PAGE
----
Mystery Produce Solved!

September 27, 2010 § 2 Comments

Congratulations to anniespickns (check out her blog about fresh and local food here) for two correct guesses on Friday’s farmers’ market mystery produce from this post. Answers and fun facts about both below!

Mystery Produce #1: Rambutan

Mystery produce #1

  • What they are: Fruit from a medium-sized tropical tree native to Malaysia, Indonesia, the Phillippines and Sri Lanka. It is closely related to several other edible tropical fruits including lychee and longan. The name rambutan is derived from the Malay word rambut, which literally means “hairy” caused by the “hair” that covers this fruit. In the U.S., they’re grown near L.A. Rambutan offer vitamin C, calcium, niacin, iron, protein and fiber. An average fruit contains 59 calories
  • What they taste like: Rambutan have a juicy-sweet texture, and subtle flavor. The flavor of a rambutan is more acidic than the lychee and very aromatic
  • When in season: Rambutan trees fruit twice a year, yielding crops beginning late June and August and in December and January
  • Where to buy: Alemany farmers’ market
  • How to choose: Look for fruit that’s about 2 inches in diameter; the smaller, the better. One indicator of quality is the ease of detachment of the flesh from the seed; an easily detachable flesh normally will have bits of the woody seed coating (you can test for this by sampling before buying). Thus, it is a common Malay wisdom to not eat too much rambutan when one has a cough
  • How to store: Place in a perforated plastic bag in the fruit drawer of your fridge
  • How to eat: Best eaten fresh. Take a sharp paring knife and slice the fruit around the middle; the top should pop off, and you can squeeze the fruit out into your mouth. Discard the seed (see a photo demo of how to open the fruit here)
  • Other fun facts:
  • Seed oil from the rambutan is used to manufacture candles and soap
  • Rambutan is said to heal dysentery and diarrhea effectively
  • The leaves are used to cure headaches. In Malaysia, rambutan fruit skin is used to prepare native medicines

Mystery Produce #2: Chestnuts

Mystery produce #2

  • What they are: Chestnuts are the large edible seeds of the chestnut tree, encased in a prickly coat called a burr, which splits open when ripe in autumn. They have been cultivated in the Mediterranean for at least 3,000 years, in China for more than 2,000 years and in Japan since the 11th century. According to some, they’re one of the first foods eaten by man, containing twice as much starch as potatoes; they’re often ground into meal for breadmaking, thus giving rise to the nickname “bread tree”. The chestnut tree was first introduced to Europe via Greece. The majority of the chestnut trees currently found in America are of native European stock, but Native Americans feasted on America’s own variety long before European immigrants introduced their stock to America. In 1904, diseased Asian chestnut trees planted on Long Island, New York carried a fungus hitchiker that nearly devasted the American chestnut population, leaving only a few groves in California and the Pacific Northwest that escaped blight. Today, most of the chestnut food crop is imported from Japan, China, Spain and Italy. Chestnuts are low in fat, high in fiber and offer vitamin C and folic acid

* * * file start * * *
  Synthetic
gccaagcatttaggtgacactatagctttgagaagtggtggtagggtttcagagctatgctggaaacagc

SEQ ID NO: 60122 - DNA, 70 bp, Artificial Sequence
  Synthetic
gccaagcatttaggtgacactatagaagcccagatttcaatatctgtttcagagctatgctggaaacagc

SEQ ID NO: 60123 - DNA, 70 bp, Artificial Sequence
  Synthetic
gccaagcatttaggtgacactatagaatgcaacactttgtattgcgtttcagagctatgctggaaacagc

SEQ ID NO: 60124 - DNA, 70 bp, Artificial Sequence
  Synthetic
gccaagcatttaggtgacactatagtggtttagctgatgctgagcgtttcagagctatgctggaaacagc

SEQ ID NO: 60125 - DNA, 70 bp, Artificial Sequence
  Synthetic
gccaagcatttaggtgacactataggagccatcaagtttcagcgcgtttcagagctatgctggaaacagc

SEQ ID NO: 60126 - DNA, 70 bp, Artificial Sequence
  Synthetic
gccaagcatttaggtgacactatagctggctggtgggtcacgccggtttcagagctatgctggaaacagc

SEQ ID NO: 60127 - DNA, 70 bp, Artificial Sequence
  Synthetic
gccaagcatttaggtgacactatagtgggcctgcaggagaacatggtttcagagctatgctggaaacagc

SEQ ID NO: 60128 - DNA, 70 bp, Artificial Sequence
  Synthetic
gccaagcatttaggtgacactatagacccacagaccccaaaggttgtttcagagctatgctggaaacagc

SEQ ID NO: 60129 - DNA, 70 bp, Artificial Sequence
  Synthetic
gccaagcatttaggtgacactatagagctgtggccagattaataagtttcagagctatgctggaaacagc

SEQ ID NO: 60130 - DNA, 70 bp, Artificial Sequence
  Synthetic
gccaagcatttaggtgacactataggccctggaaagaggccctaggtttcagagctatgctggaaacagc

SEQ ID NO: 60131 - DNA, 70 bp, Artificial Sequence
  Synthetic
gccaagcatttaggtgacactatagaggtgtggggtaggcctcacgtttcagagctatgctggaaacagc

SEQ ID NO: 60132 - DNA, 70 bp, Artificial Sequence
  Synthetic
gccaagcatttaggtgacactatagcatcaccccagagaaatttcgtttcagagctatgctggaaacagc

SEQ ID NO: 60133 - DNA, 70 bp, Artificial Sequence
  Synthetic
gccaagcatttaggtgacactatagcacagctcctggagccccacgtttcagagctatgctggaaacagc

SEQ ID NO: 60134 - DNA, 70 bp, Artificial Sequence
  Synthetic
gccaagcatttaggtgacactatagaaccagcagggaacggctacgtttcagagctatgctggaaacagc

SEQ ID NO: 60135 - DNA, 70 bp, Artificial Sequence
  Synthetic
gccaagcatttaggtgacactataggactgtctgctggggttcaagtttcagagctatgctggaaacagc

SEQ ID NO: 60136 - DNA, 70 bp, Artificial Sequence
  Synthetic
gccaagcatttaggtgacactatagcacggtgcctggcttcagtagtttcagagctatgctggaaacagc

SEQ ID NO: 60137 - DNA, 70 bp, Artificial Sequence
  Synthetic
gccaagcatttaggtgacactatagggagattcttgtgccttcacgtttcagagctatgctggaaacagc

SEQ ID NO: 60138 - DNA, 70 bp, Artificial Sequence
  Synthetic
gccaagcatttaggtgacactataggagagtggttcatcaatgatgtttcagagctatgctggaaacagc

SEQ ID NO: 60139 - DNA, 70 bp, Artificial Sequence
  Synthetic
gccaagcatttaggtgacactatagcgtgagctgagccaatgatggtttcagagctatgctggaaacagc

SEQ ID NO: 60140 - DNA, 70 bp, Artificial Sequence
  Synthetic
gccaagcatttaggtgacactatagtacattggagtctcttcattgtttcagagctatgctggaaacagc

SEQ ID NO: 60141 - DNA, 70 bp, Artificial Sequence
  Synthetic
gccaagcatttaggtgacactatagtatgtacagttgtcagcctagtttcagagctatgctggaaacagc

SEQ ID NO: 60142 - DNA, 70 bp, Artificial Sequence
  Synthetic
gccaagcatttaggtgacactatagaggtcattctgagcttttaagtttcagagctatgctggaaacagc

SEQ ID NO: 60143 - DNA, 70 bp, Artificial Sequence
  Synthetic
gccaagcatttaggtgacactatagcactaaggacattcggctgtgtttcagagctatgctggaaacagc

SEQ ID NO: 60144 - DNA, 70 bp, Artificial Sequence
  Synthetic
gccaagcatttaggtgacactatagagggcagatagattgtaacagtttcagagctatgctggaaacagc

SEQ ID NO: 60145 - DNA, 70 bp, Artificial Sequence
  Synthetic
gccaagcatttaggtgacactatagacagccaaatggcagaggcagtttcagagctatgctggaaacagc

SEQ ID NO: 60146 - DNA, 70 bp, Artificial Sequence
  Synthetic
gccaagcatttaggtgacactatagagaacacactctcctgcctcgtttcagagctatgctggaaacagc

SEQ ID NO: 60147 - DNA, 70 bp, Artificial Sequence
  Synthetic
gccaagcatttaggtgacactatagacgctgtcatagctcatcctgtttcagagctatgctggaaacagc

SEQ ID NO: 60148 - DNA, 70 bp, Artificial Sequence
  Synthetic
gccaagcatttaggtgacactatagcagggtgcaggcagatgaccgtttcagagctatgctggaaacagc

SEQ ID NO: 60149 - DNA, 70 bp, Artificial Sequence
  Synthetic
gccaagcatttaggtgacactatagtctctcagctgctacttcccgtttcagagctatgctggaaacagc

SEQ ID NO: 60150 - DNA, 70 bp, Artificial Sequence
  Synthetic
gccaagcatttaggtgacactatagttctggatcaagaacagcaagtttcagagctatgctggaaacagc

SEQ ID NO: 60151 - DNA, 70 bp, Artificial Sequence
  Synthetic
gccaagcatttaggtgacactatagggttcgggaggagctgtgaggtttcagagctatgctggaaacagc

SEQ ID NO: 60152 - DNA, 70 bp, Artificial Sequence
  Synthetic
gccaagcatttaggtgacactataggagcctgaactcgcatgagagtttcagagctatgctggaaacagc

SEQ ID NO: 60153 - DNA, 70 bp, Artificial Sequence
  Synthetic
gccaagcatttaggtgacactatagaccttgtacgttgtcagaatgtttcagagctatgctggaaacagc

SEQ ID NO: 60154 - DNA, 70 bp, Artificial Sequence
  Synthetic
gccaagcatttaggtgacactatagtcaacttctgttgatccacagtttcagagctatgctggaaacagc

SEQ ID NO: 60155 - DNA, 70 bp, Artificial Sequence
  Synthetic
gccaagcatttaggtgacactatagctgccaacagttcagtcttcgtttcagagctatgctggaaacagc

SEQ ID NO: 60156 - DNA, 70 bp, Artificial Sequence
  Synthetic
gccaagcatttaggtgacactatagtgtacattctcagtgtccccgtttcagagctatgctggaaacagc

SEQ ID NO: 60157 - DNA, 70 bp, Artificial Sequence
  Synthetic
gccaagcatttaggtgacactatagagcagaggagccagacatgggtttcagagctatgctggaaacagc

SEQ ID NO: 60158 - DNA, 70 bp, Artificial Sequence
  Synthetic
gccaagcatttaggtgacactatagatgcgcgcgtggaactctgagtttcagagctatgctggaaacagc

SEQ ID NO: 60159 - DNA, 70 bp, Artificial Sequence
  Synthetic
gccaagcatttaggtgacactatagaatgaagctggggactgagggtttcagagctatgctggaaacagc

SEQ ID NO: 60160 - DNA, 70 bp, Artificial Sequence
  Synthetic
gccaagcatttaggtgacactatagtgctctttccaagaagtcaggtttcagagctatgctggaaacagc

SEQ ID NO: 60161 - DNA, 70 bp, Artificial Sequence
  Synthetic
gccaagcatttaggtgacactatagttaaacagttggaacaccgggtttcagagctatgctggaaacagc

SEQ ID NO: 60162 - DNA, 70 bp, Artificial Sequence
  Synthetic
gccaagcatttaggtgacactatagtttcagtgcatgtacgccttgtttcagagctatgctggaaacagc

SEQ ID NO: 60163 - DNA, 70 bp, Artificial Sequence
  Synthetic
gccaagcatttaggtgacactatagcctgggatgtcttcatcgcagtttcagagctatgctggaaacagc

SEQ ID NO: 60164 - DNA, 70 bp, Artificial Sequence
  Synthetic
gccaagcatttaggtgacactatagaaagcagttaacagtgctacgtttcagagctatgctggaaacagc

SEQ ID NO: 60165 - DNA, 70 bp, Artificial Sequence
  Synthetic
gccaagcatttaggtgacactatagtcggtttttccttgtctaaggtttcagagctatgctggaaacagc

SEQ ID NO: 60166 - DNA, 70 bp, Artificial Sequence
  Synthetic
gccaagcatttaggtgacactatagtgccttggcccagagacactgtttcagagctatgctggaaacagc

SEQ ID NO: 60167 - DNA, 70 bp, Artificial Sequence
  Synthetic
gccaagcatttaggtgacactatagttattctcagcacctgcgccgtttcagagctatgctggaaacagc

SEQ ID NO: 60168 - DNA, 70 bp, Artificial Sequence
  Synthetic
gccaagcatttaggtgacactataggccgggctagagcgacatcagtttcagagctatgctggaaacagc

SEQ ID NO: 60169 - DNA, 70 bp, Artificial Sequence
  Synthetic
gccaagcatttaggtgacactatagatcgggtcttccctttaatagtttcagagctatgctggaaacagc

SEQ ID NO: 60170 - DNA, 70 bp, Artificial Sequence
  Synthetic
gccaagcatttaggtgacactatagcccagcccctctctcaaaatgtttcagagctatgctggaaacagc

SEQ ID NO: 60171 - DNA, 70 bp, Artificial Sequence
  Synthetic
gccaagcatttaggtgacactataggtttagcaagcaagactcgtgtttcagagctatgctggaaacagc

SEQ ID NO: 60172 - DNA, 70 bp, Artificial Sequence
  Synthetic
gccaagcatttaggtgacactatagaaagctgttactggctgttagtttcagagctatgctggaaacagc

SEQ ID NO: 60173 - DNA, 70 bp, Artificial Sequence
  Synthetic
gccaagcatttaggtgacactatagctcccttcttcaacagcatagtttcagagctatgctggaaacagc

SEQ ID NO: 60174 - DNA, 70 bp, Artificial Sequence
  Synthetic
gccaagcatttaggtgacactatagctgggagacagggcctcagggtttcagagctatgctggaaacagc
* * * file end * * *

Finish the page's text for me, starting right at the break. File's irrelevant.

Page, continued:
• What they taste like: Once cooked, its texture is similar to that of a baked potato, with a delicate, sweet and nutty flavor
  • When in season: Autumn
  • Where to buy: Alemany farmers’ market
  • How to choose: Choose fresh chestnuts that are hard, shiny, unblemished, heavy for their size and that do not rattle when shaken
  • How to store: Because they are highly perishable, refrigerate chestnuts in perforated plastic bags for up to one week. For longer storage, freeze in airtight container for up to one month
  • How to eat: Roast or boil and eat whole as a snack, add to stuffing, puree and spread on pancakes; or if you’re super ambitious, dry and mill into flour for breads, cakes, pancakes and pastas or to thicken stews, soups and sauces. The University of Missouri has put together a very informative overview of chestnuts and how to enjoy them; click here
  • Other fun facts:
  • These starchy nuts are given to the poor as a symbol of sustenance on the Feast of Saint Martin and are also traditionally eaten on Saint Simon’s Day in Tuscany
  • Legend has it that the Greek army survived on their stores of chestnuts during their retreat from Asia Minor in 401-399 B.C.
  • They say that by fermenting chestnut juice, you can generate sugar and even beer!

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§ 2 Responses to Mystery Produce Solved!

  • anniespickns says:

    Had my first Rambutan when I sampled them at the Honolulu Farmers’ Market. Bought a whole bag and enjoyed them for days. Last time I was in the islands was in April and they weren’t in season so didn’t get to enjoy them again. Think I bought them during December last time. When they are in season I see the chestnuts at our local Farmers’ Market here in Sacramento. They are grown in Yolo County.

    • I’ve never been to the Honolulu Farmers’ Market but would love to go someday. Rambutan make me think of my childhood — my mother is from Indonesia, where they’re eaten a lot, and we used to visit my grandparents in LA and eat them. Thanks for the info on chestnuts.

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